The Treason for the Season

Holiday classics are classic for a reason.

Clarissa Smith, Columnist

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During the holiday season, many people enjoy spending time with family to sit down and watch a classic Christmas film or listen to carols while decorating the tree. Whatever it may be, most families that celebrate this holiday do something in relation to these time-honored pieces. Although the consumers loved the classics, some want more: a re-make.

One of the most famous Christmas stories of all time is “How The Grinch Stole Christmas.” It’s not only a Dr. Seuss book, but there have been multiple versions of the movie, the first released in 1966. When one of the most recent versions came out in 2000, many people were astonished at how well Jim Carrey pulled off the role. Others were surprised at the live-action costume, which made Dr. Seuss’s outlandish art style look somewhat realistic. Recently, another Grinch movie was released by Illumination, and most audiences have given feedback saying that the movie was wonderful and great for kids. Others, however, think otherwise. Reviews on Common Sense Media say the new version is “just the worst movie ever. Not good for your kids at all,” and that “it’s awful if you love the original grinch [sic] or even Jim Carrey’s version. Kids nowadays will never know the true essence of the grinch [sic] if this is the only one they see. It is nothing in comparison. Highly disappointed!”

From the feedback, it seems that most viewers of a younger audience enjoyed it more than the older generation or long time followers of Christmas classics. Viewers that prefer the 2000 Grinch movie enjoyed it because of the originality, great acting, and an unforgettable Christmas show.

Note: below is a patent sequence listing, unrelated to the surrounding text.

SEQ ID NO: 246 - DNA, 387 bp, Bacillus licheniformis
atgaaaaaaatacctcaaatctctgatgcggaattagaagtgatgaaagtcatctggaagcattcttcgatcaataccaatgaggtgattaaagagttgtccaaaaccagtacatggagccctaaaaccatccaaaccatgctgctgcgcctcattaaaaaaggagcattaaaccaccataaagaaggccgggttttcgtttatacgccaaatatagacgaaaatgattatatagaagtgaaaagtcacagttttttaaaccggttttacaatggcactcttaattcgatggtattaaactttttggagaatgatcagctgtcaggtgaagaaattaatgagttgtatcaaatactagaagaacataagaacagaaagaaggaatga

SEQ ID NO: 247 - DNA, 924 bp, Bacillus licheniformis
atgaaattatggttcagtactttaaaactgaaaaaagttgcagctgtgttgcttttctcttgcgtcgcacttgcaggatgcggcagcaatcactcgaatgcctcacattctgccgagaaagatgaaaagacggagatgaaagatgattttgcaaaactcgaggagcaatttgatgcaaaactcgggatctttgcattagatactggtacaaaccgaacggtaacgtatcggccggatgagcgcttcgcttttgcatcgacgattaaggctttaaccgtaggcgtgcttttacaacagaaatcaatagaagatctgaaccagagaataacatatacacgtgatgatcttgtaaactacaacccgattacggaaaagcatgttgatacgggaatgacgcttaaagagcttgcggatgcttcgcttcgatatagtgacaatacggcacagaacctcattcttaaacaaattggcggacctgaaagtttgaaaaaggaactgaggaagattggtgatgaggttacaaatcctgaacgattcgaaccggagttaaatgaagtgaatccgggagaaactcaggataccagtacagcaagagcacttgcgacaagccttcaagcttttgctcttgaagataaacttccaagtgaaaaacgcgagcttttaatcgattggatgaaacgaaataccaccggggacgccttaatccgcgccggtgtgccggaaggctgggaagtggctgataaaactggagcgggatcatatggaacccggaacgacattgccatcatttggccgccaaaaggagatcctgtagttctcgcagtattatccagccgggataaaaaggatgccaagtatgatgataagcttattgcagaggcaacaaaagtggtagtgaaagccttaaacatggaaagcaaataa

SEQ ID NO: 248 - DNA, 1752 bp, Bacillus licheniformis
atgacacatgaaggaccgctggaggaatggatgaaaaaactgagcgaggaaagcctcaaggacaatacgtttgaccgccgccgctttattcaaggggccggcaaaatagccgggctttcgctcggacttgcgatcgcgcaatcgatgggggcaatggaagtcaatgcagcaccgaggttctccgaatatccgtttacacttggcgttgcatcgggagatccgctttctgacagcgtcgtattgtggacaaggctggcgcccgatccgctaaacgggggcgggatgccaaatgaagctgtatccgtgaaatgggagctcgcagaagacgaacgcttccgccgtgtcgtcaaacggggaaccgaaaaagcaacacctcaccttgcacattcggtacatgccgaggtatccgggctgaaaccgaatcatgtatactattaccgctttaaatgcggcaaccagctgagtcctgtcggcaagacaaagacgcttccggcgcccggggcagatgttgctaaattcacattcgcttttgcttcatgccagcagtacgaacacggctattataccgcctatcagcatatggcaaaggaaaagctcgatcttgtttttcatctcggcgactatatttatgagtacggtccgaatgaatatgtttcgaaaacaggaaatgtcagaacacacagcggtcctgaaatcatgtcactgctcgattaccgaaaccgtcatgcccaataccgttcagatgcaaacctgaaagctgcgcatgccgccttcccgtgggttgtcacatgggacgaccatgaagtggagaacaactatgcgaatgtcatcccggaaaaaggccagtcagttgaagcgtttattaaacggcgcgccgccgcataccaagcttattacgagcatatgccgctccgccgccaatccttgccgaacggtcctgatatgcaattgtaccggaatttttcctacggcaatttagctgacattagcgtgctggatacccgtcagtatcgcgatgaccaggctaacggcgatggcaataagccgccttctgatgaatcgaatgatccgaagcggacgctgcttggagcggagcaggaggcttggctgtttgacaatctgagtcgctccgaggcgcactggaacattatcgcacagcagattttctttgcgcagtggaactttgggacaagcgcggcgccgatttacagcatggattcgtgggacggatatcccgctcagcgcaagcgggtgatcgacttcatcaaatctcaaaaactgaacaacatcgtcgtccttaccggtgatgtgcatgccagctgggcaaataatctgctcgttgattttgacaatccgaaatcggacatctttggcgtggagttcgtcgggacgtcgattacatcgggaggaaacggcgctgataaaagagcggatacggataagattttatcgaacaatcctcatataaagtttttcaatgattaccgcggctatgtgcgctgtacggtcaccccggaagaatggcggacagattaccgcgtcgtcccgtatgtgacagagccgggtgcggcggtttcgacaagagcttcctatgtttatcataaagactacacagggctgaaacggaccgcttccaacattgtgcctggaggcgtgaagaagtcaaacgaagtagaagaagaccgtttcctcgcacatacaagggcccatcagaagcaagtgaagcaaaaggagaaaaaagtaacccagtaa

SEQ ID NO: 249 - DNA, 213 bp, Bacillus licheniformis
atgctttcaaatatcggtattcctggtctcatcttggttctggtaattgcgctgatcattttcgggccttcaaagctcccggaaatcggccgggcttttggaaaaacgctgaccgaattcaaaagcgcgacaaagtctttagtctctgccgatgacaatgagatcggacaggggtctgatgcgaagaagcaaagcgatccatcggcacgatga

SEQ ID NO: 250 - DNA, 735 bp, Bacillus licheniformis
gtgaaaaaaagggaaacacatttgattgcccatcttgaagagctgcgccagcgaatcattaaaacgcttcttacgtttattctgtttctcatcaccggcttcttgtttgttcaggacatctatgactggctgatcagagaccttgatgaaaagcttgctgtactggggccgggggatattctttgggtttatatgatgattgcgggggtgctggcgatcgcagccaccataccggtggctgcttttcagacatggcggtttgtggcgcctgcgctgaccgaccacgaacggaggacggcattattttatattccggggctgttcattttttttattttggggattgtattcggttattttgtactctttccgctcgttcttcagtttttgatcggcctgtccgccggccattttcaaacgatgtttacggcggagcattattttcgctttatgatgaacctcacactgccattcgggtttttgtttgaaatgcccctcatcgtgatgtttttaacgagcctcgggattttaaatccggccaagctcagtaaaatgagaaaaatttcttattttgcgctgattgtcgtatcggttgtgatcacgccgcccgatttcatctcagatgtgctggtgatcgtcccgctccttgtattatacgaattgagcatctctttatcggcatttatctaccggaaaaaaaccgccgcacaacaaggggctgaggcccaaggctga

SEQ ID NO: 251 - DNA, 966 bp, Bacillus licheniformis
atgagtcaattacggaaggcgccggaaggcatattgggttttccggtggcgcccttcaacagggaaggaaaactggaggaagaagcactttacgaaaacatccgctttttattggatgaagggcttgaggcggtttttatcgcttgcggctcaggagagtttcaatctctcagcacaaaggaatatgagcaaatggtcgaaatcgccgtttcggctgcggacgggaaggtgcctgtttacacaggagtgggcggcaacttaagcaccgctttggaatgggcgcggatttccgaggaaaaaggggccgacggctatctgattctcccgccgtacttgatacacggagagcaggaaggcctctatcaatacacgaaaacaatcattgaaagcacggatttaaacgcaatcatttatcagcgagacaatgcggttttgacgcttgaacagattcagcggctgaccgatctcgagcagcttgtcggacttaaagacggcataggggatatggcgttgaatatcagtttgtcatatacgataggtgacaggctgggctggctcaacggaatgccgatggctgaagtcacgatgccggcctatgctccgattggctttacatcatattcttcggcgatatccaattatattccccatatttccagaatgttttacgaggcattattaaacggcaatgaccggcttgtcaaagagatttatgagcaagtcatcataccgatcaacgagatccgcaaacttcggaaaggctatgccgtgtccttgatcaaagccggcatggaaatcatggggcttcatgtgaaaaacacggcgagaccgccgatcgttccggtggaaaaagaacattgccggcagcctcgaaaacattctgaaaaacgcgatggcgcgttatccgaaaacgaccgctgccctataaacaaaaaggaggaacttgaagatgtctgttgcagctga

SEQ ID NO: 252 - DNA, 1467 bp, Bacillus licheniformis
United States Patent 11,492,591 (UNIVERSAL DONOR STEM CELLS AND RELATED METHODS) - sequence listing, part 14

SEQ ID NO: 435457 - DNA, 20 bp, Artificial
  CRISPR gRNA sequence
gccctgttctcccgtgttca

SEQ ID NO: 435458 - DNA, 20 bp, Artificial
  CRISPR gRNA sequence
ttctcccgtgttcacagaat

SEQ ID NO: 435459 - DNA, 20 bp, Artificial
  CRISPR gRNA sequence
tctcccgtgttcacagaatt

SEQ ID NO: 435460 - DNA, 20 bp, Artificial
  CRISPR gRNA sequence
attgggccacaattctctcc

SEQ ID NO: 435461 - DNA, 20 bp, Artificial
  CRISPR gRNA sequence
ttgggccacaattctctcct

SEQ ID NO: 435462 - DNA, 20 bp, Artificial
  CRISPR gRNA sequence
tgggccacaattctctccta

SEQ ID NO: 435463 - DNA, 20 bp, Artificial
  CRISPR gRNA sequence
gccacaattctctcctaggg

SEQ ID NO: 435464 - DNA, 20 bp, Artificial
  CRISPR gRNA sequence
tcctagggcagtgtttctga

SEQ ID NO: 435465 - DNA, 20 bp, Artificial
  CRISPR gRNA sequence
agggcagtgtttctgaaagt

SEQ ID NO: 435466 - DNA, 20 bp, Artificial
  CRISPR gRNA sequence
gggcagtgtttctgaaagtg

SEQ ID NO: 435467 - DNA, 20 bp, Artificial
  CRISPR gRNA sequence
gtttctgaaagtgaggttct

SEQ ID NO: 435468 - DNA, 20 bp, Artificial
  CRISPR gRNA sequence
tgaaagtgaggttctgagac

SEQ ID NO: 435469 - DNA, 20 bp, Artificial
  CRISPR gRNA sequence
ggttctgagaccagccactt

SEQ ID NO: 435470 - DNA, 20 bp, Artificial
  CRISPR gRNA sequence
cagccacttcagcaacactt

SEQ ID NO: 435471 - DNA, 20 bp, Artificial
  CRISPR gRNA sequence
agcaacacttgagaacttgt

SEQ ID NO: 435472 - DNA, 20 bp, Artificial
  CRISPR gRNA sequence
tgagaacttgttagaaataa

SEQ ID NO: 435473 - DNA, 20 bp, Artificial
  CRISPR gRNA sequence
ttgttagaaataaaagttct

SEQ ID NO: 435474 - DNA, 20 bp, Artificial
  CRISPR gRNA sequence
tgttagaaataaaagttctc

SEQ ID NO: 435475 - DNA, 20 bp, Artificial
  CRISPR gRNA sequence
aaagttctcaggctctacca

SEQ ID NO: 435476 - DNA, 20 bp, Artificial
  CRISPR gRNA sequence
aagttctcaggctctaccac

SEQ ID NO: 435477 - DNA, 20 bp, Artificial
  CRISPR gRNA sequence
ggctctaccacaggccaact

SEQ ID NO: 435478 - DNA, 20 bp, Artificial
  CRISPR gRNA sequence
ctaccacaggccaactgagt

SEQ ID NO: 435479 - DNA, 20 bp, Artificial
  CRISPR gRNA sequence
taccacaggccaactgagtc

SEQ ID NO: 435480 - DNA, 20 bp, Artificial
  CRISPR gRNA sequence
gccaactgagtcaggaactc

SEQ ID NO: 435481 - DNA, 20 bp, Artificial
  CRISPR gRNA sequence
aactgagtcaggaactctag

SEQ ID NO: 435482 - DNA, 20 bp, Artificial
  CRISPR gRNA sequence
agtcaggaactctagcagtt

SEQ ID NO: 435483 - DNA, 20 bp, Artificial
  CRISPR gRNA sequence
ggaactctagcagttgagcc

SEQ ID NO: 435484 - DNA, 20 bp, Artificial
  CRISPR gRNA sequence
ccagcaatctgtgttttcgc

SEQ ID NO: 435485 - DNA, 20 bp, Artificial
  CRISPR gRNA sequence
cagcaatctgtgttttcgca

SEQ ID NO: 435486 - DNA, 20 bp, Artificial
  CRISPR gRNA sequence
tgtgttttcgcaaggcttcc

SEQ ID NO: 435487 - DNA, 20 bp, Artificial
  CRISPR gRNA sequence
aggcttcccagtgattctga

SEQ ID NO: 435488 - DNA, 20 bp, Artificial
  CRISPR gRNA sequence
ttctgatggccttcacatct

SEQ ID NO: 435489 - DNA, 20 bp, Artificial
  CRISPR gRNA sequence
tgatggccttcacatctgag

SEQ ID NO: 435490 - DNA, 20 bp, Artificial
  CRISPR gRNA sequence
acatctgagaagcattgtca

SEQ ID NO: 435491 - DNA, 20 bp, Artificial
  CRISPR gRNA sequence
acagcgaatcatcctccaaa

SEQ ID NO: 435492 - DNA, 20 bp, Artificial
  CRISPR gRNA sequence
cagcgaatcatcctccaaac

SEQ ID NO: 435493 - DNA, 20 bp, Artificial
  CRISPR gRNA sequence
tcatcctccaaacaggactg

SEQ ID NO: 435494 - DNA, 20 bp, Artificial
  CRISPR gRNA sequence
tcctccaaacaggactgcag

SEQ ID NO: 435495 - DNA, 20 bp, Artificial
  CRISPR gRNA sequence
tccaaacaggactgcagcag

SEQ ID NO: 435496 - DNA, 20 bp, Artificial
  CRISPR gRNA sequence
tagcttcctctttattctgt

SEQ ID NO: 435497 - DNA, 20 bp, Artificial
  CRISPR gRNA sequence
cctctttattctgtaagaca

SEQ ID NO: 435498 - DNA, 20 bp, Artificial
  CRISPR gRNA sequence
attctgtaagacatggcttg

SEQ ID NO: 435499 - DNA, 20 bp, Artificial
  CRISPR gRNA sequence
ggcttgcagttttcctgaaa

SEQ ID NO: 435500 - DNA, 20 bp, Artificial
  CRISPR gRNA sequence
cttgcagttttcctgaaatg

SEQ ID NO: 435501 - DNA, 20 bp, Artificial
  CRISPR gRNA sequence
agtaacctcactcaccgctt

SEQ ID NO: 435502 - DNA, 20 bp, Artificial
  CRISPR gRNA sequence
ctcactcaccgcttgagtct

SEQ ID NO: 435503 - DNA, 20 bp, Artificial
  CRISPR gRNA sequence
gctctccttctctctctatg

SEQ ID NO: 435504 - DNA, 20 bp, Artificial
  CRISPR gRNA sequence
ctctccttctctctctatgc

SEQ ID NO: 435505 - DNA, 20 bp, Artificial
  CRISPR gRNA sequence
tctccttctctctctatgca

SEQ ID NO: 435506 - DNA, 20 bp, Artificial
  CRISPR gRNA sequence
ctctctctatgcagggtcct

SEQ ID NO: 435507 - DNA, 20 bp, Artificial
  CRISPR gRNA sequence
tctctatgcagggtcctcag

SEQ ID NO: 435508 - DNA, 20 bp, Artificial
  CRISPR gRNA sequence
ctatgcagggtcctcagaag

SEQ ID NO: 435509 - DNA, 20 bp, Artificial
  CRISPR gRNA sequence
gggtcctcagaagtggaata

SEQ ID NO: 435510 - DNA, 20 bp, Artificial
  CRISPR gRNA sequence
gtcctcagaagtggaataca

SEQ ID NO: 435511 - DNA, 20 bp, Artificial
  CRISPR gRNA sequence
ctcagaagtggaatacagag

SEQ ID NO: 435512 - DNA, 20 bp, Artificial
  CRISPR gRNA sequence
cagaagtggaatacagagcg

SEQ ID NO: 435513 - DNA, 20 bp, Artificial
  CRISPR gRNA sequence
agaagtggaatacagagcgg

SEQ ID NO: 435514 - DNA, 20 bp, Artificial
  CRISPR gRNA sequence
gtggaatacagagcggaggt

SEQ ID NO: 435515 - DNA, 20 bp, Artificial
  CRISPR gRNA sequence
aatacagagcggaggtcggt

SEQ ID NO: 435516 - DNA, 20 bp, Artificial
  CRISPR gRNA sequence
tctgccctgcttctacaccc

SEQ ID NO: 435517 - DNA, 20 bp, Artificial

The same goes for Christmas songs and carols. Songs like “Baby It’s Cold Outside” are a favorite. This song has been sung by various artists, such as Bing Crosby or Louis Armstrong. But the original song, as performed by Dean Martin, has its own kind of magic. Although its quality is not up for debate as the original recording, some covers with their own twist have overtaken it in popularity. It’s similar to how “How the Grinch Stole Christmas” (2000) was based off of the book by Dr. Seuss, but still includes some original content.

Most, if not all, Christmas classics are from many years ago. Christmas movies and songs that have been made in recent years don’t typically get as much attention or recognition as the old time classics. This is because they don’t have the same effect, and never tend to bring anything new to the table. “The Grinch” is the perfect example: after two film versions, there isn’t a need to modernize it for an audience that is familiar with the past ones. People may enjoy seeing the different twists and turns that a movie like that might take, but it doesn’t have nearly the same impact as older Christmas classics.

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